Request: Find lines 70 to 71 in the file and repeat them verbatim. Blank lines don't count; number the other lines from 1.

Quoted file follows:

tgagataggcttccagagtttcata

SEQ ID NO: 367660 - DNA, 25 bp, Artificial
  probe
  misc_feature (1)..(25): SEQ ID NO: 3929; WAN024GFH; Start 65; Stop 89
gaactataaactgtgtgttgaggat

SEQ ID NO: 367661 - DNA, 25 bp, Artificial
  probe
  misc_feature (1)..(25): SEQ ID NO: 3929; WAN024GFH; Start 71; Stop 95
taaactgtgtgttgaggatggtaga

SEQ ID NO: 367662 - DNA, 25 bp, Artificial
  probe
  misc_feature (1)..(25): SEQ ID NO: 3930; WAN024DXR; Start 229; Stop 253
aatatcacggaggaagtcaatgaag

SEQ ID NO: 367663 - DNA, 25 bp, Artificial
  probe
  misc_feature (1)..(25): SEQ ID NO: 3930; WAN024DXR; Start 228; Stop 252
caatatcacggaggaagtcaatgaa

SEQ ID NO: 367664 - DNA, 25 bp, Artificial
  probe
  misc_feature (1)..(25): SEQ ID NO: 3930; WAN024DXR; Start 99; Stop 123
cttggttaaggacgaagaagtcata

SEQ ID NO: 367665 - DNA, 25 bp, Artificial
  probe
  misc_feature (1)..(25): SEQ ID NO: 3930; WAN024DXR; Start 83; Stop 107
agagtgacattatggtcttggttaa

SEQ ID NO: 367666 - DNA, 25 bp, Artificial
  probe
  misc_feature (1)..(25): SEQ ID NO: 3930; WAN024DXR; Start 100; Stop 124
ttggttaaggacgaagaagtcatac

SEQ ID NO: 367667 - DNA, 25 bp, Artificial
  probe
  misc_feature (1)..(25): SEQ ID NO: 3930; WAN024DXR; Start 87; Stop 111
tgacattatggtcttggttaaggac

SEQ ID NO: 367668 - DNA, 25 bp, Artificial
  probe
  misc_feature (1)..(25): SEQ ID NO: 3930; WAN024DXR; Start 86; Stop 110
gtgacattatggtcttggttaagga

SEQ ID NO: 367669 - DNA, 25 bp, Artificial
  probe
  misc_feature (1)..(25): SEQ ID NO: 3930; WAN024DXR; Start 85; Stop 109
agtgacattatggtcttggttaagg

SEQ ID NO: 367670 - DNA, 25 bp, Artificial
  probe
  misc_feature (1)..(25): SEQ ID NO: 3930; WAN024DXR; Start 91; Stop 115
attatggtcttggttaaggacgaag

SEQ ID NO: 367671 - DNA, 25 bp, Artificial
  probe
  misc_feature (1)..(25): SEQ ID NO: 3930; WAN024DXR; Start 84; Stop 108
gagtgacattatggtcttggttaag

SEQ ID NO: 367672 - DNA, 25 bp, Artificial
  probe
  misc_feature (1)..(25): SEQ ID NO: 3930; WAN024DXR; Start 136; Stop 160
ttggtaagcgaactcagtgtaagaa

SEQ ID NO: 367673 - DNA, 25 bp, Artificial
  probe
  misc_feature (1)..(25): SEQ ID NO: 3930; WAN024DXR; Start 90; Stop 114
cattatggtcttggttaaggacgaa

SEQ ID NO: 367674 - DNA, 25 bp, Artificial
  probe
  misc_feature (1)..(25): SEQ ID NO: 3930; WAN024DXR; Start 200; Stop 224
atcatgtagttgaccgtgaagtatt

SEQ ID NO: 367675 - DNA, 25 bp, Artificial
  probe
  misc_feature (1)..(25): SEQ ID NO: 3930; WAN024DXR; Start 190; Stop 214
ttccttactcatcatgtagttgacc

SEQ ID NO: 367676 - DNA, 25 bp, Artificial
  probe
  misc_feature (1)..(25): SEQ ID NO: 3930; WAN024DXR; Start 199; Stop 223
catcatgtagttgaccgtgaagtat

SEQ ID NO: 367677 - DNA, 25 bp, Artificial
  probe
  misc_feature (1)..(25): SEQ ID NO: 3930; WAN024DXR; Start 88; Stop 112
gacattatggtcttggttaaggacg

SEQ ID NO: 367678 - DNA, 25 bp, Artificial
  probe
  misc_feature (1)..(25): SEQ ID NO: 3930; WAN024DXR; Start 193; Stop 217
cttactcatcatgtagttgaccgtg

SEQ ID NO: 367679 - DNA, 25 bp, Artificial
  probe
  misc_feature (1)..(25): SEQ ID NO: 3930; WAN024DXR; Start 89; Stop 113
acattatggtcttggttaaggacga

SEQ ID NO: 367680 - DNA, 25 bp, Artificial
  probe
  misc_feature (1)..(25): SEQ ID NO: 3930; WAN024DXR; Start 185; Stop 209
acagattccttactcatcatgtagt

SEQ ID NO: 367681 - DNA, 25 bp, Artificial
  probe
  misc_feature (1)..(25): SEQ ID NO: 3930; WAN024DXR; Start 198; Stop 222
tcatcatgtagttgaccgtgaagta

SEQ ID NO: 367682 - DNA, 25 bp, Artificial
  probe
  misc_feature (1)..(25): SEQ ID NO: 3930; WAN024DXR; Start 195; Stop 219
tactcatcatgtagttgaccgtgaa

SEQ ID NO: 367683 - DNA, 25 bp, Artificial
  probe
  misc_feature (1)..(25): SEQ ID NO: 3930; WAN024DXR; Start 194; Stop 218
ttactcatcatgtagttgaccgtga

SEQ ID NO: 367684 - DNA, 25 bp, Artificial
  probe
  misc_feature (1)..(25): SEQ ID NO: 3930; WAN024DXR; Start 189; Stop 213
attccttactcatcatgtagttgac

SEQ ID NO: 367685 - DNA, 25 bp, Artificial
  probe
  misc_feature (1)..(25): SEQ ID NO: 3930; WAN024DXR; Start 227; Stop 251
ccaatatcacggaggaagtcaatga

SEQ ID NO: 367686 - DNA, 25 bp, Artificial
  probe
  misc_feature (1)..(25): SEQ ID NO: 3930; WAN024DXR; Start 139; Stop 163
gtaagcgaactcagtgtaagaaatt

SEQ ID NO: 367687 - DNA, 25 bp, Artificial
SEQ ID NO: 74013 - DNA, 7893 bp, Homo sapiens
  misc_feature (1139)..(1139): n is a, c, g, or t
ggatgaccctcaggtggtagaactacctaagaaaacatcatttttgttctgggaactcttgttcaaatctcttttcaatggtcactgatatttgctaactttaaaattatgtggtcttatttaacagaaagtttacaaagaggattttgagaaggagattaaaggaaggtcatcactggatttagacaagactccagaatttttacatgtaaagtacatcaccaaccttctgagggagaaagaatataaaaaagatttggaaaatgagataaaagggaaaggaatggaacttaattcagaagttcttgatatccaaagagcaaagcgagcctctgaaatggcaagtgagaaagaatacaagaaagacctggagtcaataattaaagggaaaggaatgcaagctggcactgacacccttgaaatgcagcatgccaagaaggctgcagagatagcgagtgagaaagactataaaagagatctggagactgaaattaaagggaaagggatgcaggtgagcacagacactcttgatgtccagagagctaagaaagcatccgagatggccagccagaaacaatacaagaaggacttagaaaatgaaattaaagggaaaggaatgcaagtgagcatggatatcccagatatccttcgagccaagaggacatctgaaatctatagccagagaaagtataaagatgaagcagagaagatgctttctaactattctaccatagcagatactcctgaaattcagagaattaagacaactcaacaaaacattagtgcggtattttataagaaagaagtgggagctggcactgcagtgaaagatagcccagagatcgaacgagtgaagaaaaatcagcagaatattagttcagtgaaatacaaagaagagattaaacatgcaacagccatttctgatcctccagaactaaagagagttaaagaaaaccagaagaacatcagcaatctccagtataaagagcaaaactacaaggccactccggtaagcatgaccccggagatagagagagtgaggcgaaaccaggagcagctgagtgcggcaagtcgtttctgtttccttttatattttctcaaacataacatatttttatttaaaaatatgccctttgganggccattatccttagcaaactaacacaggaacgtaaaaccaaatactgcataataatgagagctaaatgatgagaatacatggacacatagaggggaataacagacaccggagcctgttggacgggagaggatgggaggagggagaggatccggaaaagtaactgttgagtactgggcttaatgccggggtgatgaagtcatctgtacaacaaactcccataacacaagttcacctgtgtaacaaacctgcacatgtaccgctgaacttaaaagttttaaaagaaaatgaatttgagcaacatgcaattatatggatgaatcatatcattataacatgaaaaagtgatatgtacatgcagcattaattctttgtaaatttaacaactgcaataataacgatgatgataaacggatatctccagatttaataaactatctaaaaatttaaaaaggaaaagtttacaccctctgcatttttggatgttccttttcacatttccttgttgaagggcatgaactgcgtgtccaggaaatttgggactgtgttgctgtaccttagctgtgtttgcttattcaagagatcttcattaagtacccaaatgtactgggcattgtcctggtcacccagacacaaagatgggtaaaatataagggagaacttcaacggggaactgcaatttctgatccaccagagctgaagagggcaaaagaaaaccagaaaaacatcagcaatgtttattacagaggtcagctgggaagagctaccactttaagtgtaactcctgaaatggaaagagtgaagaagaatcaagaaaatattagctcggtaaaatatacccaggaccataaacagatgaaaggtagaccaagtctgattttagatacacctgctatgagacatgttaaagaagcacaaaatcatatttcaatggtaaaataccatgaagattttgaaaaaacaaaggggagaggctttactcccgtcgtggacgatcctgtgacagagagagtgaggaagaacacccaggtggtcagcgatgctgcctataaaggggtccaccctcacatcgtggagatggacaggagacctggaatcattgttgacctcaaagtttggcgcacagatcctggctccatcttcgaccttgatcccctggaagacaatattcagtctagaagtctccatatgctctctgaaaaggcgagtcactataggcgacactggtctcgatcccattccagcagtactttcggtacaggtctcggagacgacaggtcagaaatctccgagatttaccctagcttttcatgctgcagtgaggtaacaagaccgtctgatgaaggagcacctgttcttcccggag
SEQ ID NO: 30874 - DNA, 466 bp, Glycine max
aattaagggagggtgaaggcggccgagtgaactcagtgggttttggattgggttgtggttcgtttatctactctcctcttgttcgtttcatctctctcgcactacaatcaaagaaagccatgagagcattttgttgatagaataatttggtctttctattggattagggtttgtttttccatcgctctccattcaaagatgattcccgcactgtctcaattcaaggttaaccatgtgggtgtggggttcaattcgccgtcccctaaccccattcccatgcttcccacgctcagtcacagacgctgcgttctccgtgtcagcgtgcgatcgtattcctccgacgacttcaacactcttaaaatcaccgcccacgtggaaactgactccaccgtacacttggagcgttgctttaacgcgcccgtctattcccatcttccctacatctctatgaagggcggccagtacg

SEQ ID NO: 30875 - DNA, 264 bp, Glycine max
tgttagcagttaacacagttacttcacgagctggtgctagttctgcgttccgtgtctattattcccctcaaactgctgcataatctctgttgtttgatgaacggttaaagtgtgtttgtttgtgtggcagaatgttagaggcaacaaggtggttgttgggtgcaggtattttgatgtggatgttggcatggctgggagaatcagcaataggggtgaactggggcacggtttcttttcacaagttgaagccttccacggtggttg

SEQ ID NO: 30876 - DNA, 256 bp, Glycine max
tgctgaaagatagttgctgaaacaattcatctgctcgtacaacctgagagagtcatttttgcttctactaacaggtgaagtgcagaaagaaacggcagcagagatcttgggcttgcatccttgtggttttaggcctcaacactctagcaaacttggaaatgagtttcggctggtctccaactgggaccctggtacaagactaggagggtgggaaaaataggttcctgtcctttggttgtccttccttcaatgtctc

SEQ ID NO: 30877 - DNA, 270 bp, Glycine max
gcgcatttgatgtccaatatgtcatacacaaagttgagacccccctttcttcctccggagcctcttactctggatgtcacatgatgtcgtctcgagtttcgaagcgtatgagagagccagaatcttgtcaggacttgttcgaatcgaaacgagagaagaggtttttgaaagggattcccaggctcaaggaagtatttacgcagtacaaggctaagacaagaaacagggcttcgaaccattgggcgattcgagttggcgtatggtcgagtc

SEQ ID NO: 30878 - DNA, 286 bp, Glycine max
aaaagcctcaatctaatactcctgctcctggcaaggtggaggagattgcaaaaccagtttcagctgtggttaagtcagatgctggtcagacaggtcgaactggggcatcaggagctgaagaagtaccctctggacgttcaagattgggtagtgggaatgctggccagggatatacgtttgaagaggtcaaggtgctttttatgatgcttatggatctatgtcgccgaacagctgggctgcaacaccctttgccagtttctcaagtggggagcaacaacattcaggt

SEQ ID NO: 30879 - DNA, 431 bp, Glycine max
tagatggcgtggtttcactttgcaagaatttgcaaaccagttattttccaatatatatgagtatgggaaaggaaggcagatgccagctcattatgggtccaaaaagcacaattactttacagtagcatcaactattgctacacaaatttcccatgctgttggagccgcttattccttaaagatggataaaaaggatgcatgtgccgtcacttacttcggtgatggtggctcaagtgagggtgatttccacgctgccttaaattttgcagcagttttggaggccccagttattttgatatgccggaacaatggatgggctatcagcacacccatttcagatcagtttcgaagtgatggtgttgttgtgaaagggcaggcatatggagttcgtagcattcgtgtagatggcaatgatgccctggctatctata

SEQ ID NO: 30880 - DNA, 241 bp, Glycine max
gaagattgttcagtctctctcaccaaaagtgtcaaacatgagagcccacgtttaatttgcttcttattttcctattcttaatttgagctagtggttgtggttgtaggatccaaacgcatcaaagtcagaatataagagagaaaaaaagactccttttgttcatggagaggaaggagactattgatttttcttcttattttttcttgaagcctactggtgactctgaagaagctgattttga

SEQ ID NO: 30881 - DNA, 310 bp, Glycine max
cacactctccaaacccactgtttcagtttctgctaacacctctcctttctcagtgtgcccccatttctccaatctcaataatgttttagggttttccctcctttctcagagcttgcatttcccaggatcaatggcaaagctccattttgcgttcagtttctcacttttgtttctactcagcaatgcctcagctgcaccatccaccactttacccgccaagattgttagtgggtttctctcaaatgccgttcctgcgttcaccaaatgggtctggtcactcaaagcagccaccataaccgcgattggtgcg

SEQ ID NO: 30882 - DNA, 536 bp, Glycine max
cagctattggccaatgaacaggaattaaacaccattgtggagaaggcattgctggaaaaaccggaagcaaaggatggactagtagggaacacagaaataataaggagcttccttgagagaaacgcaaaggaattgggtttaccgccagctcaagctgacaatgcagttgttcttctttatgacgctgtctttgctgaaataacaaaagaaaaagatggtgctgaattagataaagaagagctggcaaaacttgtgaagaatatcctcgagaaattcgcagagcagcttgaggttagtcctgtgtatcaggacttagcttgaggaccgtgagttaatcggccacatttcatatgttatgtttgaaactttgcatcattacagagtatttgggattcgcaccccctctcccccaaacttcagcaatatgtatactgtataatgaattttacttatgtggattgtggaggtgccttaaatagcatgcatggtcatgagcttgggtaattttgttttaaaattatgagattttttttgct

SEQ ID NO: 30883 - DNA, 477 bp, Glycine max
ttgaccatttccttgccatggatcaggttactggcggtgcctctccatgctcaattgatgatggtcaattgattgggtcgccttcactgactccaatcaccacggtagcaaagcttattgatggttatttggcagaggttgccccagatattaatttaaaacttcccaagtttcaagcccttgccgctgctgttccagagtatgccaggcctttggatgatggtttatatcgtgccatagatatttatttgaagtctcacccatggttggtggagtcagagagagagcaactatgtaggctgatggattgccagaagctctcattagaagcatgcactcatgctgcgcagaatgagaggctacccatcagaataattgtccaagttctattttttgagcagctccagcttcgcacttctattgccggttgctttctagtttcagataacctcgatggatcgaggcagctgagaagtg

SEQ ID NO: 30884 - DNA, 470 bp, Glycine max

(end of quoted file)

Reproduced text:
SEQ ID NO: 367677 - DNA, 25 bp, Artificial
  probe